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DEATHS OF PHYSICIANS IN 1914

JAMA. 1915;LXIV(1):56-57. doi:10.1001/jama.1915.02570270058017.
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ABSTRACT

During 1914 the deaths of 2,205 physicians in the United States and Canada were noted in The Journal. Reckoning on a conservative estimate of 153,000 physicians, this is equivalent to an annual death-rate of 14.41 per thousand. For the twelve previous years the death-rates were as follows: 1913, 14.64; 1912, 14.13; 1911, 15.32; 1910, 16.96; 1909, 16.26; 1908, 17.39; 1907, 16.01; 1906, 17.2; 1905, 16.36; 1904, 17.14; 1903, 13.73, and 1902, 14.74. The average annual mortality for the period from 1902 to 1914 inclusive was therefore 15.71 per thousand. The chief death causes in the order named were: senility, heart disease, cerebral hemorrhage, pneumonia, accident and nephritis. The age at death varied from 23 to 99, with an average of 60 years, 11 months and 6 days. The general average of age at death since 1904 is 59 years, 9 months and 19 days. The number of years of practice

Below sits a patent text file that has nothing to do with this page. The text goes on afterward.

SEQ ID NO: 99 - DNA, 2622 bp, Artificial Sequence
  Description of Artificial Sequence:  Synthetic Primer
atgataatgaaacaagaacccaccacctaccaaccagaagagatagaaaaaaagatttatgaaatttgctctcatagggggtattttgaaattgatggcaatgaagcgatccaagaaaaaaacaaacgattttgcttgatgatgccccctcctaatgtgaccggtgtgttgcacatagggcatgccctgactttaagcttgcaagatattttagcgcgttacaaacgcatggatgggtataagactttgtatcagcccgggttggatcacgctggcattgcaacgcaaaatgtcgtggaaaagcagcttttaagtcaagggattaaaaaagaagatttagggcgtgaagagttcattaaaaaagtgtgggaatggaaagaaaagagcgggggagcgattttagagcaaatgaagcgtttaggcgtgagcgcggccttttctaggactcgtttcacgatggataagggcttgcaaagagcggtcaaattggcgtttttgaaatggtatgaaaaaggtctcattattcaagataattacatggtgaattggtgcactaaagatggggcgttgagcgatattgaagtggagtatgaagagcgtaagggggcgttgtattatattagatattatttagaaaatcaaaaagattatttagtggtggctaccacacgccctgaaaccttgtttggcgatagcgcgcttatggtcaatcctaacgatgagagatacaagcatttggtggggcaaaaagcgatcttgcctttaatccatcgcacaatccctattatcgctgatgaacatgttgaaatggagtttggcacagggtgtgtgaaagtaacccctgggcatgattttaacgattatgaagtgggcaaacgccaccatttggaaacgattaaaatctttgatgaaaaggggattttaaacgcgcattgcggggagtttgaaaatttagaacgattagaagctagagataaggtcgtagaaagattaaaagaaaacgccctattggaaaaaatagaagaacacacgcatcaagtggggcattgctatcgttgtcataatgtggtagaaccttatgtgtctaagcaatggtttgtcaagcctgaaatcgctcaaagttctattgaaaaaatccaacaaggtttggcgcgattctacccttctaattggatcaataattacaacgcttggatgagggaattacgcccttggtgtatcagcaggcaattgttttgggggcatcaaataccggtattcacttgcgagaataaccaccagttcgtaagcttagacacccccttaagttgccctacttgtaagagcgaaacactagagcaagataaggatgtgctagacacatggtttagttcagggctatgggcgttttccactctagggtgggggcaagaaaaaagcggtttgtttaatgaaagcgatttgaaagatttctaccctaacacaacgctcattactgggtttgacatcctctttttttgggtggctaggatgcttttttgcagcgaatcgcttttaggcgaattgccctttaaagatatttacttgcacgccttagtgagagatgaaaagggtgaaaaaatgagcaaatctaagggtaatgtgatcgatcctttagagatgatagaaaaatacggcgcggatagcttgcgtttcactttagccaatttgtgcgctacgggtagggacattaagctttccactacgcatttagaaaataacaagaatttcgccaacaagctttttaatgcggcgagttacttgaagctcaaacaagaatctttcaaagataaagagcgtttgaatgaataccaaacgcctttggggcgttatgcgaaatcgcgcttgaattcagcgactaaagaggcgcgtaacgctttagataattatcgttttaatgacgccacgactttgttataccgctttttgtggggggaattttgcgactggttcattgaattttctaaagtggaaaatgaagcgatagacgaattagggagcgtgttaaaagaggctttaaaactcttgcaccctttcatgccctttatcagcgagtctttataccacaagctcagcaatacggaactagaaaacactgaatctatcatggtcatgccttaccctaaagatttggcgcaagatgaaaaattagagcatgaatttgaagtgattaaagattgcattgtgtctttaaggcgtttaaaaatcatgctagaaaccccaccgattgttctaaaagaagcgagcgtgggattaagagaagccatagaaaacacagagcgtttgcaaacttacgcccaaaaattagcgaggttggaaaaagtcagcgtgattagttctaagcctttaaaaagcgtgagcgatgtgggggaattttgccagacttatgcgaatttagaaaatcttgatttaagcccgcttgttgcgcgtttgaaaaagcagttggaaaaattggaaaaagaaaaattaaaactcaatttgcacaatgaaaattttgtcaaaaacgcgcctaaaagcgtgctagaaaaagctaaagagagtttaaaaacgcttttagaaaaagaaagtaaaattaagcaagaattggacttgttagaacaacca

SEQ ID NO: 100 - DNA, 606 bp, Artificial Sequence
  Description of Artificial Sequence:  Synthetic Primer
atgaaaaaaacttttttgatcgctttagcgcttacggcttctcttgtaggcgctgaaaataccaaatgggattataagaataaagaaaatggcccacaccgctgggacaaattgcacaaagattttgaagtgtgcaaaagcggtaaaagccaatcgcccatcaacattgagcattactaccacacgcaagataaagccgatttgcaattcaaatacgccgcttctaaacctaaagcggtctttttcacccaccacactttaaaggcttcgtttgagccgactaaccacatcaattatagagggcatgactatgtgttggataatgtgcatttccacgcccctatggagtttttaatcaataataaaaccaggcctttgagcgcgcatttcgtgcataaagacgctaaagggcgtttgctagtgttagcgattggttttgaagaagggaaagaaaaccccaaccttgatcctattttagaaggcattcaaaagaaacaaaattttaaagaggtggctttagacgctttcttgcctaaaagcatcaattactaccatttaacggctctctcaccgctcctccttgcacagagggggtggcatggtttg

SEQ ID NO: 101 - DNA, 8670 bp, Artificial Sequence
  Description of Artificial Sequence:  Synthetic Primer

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The American Medical Association is accredited by the Accreditation Council for Continuing Medical Education to provide continuing medical education for physicians. The AMA designates this journal-based CME activity for a maximum of 1 AMA PRA Category 1 CreditTM per course. Physicians should claim only the credit commensurate with the extent of their participation in the activity. Physicians who complete the CME course and score at least 80% correct on the quiz are eligible for AMA PRA Category 1 CreditTM.
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